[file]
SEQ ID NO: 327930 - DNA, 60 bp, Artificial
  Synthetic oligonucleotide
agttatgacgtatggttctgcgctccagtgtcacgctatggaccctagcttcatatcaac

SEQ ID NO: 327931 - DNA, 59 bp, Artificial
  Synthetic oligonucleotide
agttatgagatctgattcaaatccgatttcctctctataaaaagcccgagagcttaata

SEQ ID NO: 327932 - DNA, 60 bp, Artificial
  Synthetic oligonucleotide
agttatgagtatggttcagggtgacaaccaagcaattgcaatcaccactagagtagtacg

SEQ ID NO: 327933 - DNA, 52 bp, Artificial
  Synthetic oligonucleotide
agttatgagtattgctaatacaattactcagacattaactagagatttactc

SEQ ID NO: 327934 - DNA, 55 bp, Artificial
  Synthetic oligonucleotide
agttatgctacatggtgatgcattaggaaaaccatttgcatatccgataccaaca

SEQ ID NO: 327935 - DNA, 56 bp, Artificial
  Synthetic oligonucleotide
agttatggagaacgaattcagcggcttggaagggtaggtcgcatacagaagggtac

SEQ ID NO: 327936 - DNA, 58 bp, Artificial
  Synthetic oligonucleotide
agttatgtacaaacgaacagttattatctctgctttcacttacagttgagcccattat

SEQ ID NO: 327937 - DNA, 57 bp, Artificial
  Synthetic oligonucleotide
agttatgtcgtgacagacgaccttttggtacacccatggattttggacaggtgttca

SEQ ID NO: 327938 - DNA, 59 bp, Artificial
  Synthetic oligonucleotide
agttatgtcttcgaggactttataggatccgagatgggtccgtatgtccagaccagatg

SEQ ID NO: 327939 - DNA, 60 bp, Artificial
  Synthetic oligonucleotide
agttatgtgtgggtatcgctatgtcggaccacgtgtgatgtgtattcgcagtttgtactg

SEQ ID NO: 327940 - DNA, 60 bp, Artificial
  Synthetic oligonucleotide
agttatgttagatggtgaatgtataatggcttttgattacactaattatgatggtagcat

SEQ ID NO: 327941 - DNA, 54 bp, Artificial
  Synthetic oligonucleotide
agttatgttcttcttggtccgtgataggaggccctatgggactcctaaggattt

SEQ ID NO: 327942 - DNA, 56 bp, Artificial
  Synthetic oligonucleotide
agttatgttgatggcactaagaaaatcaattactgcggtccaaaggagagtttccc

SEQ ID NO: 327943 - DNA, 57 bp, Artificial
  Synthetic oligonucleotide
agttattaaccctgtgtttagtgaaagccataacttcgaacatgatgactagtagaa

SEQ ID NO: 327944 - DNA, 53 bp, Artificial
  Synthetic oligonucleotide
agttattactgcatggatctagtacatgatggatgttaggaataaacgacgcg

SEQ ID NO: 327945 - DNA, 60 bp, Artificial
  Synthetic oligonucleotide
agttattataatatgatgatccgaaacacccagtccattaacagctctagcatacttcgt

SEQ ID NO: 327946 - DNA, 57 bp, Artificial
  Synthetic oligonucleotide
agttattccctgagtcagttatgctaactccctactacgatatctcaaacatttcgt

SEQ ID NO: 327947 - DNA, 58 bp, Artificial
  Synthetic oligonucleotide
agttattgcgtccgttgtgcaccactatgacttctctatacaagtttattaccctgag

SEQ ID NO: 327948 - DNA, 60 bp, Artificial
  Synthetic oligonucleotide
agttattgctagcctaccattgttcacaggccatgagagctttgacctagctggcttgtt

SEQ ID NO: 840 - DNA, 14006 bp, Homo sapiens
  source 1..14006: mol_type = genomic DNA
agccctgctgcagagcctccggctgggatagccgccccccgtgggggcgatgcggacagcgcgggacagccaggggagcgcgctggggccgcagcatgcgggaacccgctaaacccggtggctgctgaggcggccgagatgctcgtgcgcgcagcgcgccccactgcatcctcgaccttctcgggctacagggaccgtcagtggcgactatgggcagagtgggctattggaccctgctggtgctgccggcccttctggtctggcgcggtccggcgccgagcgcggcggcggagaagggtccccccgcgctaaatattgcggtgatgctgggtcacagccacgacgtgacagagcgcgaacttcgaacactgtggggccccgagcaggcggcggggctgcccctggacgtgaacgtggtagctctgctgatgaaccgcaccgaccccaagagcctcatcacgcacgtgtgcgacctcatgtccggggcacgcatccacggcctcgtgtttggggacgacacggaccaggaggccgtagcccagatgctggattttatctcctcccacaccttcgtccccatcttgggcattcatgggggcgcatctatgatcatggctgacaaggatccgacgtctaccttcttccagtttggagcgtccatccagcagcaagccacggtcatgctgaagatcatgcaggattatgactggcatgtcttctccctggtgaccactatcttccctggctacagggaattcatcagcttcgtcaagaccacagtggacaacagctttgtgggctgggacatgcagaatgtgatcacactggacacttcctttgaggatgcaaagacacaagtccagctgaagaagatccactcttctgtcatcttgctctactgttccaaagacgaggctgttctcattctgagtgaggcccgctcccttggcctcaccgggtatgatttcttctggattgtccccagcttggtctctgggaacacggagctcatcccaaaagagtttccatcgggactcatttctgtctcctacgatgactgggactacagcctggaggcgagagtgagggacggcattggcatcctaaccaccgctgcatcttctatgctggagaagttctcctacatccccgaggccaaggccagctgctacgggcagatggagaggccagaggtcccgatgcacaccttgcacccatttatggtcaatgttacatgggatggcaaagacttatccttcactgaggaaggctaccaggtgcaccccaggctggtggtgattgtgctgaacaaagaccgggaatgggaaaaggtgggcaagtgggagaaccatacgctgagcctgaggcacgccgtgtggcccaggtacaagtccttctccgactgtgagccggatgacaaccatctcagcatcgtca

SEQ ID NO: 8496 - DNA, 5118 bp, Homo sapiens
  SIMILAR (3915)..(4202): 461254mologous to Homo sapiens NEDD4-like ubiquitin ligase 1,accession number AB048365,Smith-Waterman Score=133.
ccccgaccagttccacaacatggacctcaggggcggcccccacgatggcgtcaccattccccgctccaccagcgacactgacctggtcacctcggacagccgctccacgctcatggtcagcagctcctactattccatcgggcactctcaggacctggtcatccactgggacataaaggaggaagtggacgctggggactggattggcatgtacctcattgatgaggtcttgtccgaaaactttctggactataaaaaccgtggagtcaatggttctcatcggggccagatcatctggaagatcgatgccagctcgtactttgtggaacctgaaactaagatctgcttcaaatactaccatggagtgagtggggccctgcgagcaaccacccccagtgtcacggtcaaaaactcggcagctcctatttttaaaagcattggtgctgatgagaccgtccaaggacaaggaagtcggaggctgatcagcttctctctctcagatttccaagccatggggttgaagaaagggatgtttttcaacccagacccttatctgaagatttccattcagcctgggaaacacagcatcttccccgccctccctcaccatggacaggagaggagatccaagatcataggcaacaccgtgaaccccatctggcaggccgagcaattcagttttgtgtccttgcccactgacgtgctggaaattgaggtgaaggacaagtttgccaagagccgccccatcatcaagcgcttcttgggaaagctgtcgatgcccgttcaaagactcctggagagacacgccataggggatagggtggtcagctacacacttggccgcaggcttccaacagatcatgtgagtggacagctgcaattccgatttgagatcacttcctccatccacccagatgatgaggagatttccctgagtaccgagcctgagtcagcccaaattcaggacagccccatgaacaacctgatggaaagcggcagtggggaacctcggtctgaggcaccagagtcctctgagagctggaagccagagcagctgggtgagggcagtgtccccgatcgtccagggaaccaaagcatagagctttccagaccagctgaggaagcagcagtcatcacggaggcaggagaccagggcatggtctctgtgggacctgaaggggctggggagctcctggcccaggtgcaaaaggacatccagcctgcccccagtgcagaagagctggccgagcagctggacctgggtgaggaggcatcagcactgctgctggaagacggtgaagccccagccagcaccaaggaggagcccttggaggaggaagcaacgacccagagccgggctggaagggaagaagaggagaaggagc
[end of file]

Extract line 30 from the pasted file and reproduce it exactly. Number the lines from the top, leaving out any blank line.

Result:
agttatgtgtgggtatcgctatgtcggaccacgtgtgatgtgtattcgcagtttgtactg